Another Competition Law Class Action Milestone In Canada
Last month, the British Columbia Court of Appeal, in Pro-Sys Consultants Ltd. v Infineon Technologies AG, granted an appeal and certified a class of combined direct and indirect purchasers of “DRAMs” (semiconductor memory chips also known as “dynamic random access memory”) in class proceedings against DRAM manufacturers. This appellate court decision is the second significant antitrust class certification decision coming from Canadian courts in recent months. Click here for a related post.
The class proceedings at issue were brought by the purchaser of a laptop computer containing DRAMs who alleged that the manufacturers controlled the vast majority of the market for DRAM in British Columbia, they engaged in an international cartel to fix prices of DRAM during the class period, and that, as a result, it paid more for the computer than it would have but for the illegal price-fixing. The action was brought on behalf of all persons in British Columbia who, during the class period, purchased DRAM or products containing DRAM either directly from the manufacturers or indirectly from intermediate purchasers. The manufacturers had pleaded guilty in the United States of America to criminal charges arising out of an international conspiracy to fix prices of DRAM during the period April 1, 1999 to June 30, 2002 (the “class period”). They had paid agreed-upon fines totaling $731 million (USD) and a number of their executive officers paid fines and served prison terms for their related criminal conduct.
In the first instance, the British Columbia Supreme Court chambers judge dismissed the certification application. The chambers judge concluded that the plaintiff had not demonstrated that it could prove on common evidence that the price-fixed overcharge was passed through the distributing and marketing chains and absorbed by the individual members of the class. It rejected the plaintiff’s submission that the individual loss did not need to be proven for each class member to establish liability and that loss element of liability could be established on the basis of aggregate loss – by using the aggregation provisions of the BC Class Proceedings Act (“CPA”) to determine aggregate damages as the difference between the prices actually obtained by respondents for DRAM and the prices they would have obtained but for the conspiracy. Because it rejected plaintiff’s argument, the chambers judge had found that liability was not a common issue in the case and class proceedings were not the “preferable procedure” for the fair and efficient resolution of the remaining common issues. Thus, the certification application was denied.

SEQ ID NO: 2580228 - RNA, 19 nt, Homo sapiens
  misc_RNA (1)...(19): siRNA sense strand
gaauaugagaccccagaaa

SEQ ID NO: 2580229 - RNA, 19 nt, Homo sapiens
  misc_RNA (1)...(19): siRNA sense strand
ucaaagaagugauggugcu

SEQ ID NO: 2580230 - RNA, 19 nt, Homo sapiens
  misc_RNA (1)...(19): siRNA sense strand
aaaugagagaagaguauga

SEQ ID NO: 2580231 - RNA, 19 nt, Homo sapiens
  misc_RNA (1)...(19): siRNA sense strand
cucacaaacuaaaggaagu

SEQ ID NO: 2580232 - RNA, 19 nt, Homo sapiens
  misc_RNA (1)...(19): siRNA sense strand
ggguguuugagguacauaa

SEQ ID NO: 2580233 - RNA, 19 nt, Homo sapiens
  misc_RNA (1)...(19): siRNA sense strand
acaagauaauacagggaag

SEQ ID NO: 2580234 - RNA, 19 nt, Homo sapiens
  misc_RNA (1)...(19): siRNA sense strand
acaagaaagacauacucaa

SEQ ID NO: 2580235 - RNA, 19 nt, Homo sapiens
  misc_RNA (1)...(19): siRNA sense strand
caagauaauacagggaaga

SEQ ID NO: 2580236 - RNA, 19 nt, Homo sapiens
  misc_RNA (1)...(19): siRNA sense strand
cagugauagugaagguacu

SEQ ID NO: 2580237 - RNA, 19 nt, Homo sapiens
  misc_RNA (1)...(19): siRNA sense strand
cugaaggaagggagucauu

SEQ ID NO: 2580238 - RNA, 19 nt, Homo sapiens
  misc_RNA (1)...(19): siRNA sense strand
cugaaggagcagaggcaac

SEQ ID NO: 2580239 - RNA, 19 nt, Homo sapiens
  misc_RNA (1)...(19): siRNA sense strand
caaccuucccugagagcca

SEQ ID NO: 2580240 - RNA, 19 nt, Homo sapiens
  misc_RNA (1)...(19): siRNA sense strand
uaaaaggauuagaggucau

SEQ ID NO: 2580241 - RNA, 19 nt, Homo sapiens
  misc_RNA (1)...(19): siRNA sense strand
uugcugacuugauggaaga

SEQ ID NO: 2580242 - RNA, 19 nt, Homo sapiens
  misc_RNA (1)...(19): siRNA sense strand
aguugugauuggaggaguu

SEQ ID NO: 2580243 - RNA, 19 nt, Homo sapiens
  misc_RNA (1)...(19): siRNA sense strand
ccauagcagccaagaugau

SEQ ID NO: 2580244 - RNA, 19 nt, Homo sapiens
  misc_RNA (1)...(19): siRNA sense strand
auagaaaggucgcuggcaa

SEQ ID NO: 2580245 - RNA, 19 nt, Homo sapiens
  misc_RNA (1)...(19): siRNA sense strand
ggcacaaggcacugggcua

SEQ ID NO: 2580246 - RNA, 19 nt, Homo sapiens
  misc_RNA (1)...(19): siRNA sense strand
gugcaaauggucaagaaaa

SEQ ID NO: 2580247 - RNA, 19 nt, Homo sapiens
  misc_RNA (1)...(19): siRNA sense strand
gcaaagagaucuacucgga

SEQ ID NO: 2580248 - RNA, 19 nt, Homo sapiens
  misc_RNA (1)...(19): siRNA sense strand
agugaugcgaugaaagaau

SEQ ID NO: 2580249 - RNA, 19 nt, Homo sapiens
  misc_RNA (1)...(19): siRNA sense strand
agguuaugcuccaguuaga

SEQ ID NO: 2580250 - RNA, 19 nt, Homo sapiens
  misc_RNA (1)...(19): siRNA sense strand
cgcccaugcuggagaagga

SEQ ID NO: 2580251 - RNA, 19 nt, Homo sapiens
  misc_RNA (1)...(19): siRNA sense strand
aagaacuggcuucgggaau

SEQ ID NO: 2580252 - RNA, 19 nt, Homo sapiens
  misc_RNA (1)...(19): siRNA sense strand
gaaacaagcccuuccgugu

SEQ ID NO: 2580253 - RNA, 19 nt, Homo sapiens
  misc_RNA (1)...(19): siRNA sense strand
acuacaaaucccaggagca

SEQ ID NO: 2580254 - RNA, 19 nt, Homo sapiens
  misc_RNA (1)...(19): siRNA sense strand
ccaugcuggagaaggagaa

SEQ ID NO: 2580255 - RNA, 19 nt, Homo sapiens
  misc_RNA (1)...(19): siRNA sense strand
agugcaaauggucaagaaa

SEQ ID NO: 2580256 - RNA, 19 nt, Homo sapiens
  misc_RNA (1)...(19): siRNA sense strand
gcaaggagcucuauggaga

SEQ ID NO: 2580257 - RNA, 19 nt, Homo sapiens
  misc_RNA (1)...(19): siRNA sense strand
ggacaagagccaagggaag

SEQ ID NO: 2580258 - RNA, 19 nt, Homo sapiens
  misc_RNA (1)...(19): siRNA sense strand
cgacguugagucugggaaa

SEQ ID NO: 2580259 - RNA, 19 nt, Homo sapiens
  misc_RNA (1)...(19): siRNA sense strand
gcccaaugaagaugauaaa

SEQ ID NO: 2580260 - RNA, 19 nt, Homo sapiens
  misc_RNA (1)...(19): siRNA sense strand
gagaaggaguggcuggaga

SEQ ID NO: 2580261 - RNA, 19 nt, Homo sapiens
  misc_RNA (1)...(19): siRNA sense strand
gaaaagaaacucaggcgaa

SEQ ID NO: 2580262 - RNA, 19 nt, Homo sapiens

On appeal, the British Columbia Court of Appeal reversed that decision and found that it may be possible for plaintiff to prove that the manufacturers benefitted from their wrongful conduct, and thus prove liability on a class-wide basis as a common issue. The Court of Appeal found that guilty pleas to the conspiracy charges in the United States and manufacturers’ agreements to pay fines calculated as a function of the gross pecuniary gain they derived from the crime amounted to “admissions that they engaged in the wrongful conduct alleged by the appellant and that they obtained an unlawful benefit from that conduct.” Plaintiff proposed to establish causation on a class-wide basis by proving on common statistical evidence that the manufacturers obtained a benefit attributable to the class from their conduct and by establishing, though reliance on expert economic evidence, the prices that the manufacturers would have received for DRAM absent the unlawful conspiracy from which it would deduct what the manufacturers actually received from members of the class. The Court of Appeal found that this approach had been approved by British Columbia courts. After reviewing the circumstances under which the CPA authorizes the use of statistical evidence to assess an aggregate monetary award, the Court of Appeal reviewed the affidavit evidence and expert cross-examination transcripts submitted by the parties. The Court of Appeal found that the chambers judge subjected plaintiff’s expert evidence to “rigorous scrutiny” which did not take into consideration that, at the certification stage, plaintiff was only required to show a “credible and plausible methodology.” The Court of Appeals concluded that the assessment of the total gain to the manufacturers from their illegal conduct could be tried as a common issue.
The Court of Appeal also concluded that class proceedings would be the preferable procedure and would serve judicial economy since all issues (except the allocation and distribution of monetary awards) could be decided on common evidence. Further, even though the manufacturers had already been fined for their conduct in the United States and had settled with direct purchasers in class actions in the United States, according to the B.C. Court of Appeal behavior modification could still be considered an important goal in the case in Canada.
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